What is Ransomware?

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Did you know that the first ever ransomware virus was created in 1989 by Harvard-trained evolutionary biologist Joseph L. Popp?

30 years later and ransomware is still a common cyber threat – one that businesses of all shapes and sizes should continue to be wary of.

At the beginning of 2020, it was revealed that 65 NHS trusts have suffered a ‘successful’ ransomware attack since 2014.

The research, which was compiled by Comparitech, found that 34% of NHS trusts had been affected. The statistics show that the intrusion caused a shocking 4943 hours (or 206 days) of downtime – none of the trusts involved paid the ransom.

We delve into this area of cyber crime and answer “What is Ransomware?” below.


What is a ransomware attack?

Ransomware is a form of malware (malicious software). It can be incredibly dangerous as it can make data unusable until the victim pays a ransom to the perpetrator/hacker to regain control of their data.

In recent years, the UK has seen significant growth in cyber criminality. This is not a localised problem as countries across the world have been targeted by cyber attacks such as high-profile ransomware campaigns, where personal data has been leaked on a massive scale.


How to prevent a ransomware attack?

A basic way your organisation can protect itself from cyber threats is through implementing a firewall.

A firewall can protect against malware, as it prohibits traffic that does not meet a predetermined set of criteria from accessing your data.

The Cyber Essentials Scheme requires all devices connected to the internet to be protected with a firewall. Cyber Essentials encourages organisations to adopt good practice in information security and is recognised by the UK National Cyber Security Centre.

To pay or not to pay?

To eliminate ransomware and fight against cyber crime, victims should avoid paying their attackers.

The NCSC supports the National Crime Agency (NCA) recommendations. The NCA generally advises victims of such attacks not to pay the ransom, as there is no guarantee that you will get access to your device (or data).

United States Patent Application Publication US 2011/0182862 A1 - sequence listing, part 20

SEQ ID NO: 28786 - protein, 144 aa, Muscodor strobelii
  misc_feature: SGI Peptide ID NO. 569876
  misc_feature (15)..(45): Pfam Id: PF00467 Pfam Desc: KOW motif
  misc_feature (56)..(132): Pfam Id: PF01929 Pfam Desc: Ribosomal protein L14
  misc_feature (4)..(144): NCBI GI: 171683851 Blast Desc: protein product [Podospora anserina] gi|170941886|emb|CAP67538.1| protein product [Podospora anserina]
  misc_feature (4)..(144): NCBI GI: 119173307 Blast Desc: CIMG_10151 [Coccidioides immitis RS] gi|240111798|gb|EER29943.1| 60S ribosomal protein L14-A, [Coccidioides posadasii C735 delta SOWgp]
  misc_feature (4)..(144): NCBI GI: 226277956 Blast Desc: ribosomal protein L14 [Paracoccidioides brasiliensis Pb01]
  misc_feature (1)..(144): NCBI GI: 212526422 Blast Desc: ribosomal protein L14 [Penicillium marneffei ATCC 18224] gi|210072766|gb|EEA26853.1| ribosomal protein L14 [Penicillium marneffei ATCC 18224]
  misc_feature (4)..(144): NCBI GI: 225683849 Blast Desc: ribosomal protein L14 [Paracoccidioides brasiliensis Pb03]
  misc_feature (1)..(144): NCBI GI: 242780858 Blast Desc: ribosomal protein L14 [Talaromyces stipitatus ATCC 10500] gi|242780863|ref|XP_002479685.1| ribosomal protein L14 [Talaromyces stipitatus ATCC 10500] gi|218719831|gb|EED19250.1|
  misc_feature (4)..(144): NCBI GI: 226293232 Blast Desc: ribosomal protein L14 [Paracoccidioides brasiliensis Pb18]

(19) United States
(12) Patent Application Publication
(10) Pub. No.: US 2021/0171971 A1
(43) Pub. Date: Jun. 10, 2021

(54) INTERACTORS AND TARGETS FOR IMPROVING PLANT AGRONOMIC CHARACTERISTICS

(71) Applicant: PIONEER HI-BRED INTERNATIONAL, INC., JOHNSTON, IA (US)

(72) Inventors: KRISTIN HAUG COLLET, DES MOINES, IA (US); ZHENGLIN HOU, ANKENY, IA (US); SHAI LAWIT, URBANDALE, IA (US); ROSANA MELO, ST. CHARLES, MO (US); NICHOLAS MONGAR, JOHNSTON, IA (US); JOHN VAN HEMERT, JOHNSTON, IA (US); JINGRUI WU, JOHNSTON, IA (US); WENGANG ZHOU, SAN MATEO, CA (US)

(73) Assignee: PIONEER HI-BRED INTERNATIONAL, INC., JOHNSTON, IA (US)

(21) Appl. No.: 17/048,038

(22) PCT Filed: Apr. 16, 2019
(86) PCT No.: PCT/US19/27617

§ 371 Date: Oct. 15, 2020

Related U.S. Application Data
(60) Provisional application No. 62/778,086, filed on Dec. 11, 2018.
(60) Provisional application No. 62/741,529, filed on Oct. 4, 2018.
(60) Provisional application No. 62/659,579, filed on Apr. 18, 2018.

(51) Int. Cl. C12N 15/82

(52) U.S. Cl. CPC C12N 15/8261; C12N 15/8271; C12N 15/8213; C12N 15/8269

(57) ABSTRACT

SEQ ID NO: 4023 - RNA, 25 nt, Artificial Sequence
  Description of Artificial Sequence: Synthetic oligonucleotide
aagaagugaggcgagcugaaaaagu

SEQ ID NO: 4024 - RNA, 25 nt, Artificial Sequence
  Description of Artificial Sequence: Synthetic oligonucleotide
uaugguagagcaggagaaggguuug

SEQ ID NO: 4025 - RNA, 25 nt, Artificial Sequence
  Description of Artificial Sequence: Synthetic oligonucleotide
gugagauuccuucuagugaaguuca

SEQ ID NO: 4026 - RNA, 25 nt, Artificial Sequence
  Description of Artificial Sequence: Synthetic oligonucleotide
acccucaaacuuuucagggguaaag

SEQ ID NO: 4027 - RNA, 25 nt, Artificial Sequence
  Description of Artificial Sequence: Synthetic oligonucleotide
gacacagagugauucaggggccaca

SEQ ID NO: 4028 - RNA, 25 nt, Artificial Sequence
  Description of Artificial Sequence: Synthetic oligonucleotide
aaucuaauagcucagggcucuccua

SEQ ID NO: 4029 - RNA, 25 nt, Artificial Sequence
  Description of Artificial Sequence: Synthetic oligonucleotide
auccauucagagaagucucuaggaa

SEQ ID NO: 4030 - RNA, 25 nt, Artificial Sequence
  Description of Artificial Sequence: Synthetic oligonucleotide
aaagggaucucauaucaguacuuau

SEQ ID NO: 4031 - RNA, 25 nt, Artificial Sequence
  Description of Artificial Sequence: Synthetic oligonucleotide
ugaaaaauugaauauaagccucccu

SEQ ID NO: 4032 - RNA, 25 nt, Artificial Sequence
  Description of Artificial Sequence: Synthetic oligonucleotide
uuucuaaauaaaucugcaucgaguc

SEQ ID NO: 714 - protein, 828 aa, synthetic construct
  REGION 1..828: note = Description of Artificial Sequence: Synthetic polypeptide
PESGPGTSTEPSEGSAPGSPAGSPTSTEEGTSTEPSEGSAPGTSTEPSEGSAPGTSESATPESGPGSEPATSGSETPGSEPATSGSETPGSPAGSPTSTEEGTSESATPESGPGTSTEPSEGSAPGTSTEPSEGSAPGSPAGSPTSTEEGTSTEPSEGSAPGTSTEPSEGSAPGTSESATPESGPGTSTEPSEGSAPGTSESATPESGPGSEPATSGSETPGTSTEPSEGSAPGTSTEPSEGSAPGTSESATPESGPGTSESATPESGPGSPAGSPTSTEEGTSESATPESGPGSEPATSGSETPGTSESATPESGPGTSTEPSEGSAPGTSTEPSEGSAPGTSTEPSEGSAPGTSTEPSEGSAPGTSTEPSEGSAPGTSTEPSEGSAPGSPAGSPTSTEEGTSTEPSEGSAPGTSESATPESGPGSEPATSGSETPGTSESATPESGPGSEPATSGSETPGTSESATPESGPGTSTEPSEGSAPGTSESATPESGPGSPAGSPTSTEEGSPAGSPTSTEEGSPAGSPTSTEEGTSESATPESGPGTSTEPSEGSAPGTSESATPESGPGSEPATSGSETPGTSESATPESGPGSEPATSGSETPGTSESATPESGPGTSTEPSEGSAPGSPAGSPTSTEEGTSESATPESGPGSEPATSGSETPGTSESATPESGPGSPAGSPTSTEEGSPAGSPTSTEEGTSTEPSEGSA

The best way to avoid payment is by having a ransomware remediation plan, so if an attack on your business occurs, you can resume business operations quickly, without paying a penny.

If your business has already been affected by a ransomware attack, contact the National Cyber Security Centre. The NCSC has set up the Cyber Incident Response (CIR), a scheme which can help organisations that have been the victim of a significant cyber attack.


Planning ahead

When it comes to cyber security, always prepare for the worst. Cyber attackers are clever, but as we mentioned above, it is vital that your business is always one step ahead.

Backing up your devices is vital. This is a simple and easy way to ensure that your business can run as normal if it has been targeted by hackers. Make sure that you are copying or archiving files to a separate location -this is important as cyber attacks can leave systems, files and data corrupted or organisations? may be held to ransom. Having your data and files backed up means you will be able to restore any important systems or files after the event.

Bear in mind that it is essential that at least one of your backups is off-site or isolated from your network so it cannot be attacked or deleted during a cyber attack.



If you think about the amount of personal data your organisation holds on employees and customers, the loss of this data would be devastating as well as destructive to relationships.

One of the most famous ransomware attacks was WannaCry.

The 2017 attack caused , and the NHS was one of the worst-affected organisations targeted. NHS England identified 6912 appointments that had been cancelled and estimated over 19,000 appointments would have been cancelled in total.

Cyber criminals involved took advantage of basic cyber security flaws and used ransomware to infect computers operating Microsoft Windows. This caused many NHS trusts’ files to be ‘held hostage’, with a Bitcoin ransom demanded for their return – causing major disruption throughout the organisations affected.

Since the attack, the NHS has continued to invest in cyber security, however, due to the extent of the attack it has made itself a popular target for ransomware attackers. A report released by the NAO post-WannaCry has warned that “there are more sophisticated cyber threats out there” and that the attack “could have been prevented by the NHS following basic IT security best practice.”

The NHS still has a long way to go. In April 2020, the cyber security community cautioned that hackers will exploit COVD-19 for their own gain after Europol warned about pandemic profiteering.

The National Cyber Security Centre has reported that there were an “increasing number of malicious cyber actors exploiting the current COVID-19 pandemic for their own objectives” as the virus began to spread.


Stay cyber safe with Cyber Essentials

As we have mentioned above, vulnerability to simple attacks can mark you out as an easy target for cyber criminals.

Cyber Essentials certification can support your cyber security strategy and guard your business against the most common cyber threats. In fact, our self-assessment option gives you protection against 80% of cyber attacks.

If you would like to see the Cyber Essentials Online questionnaire, contact us to get your sample copy now.

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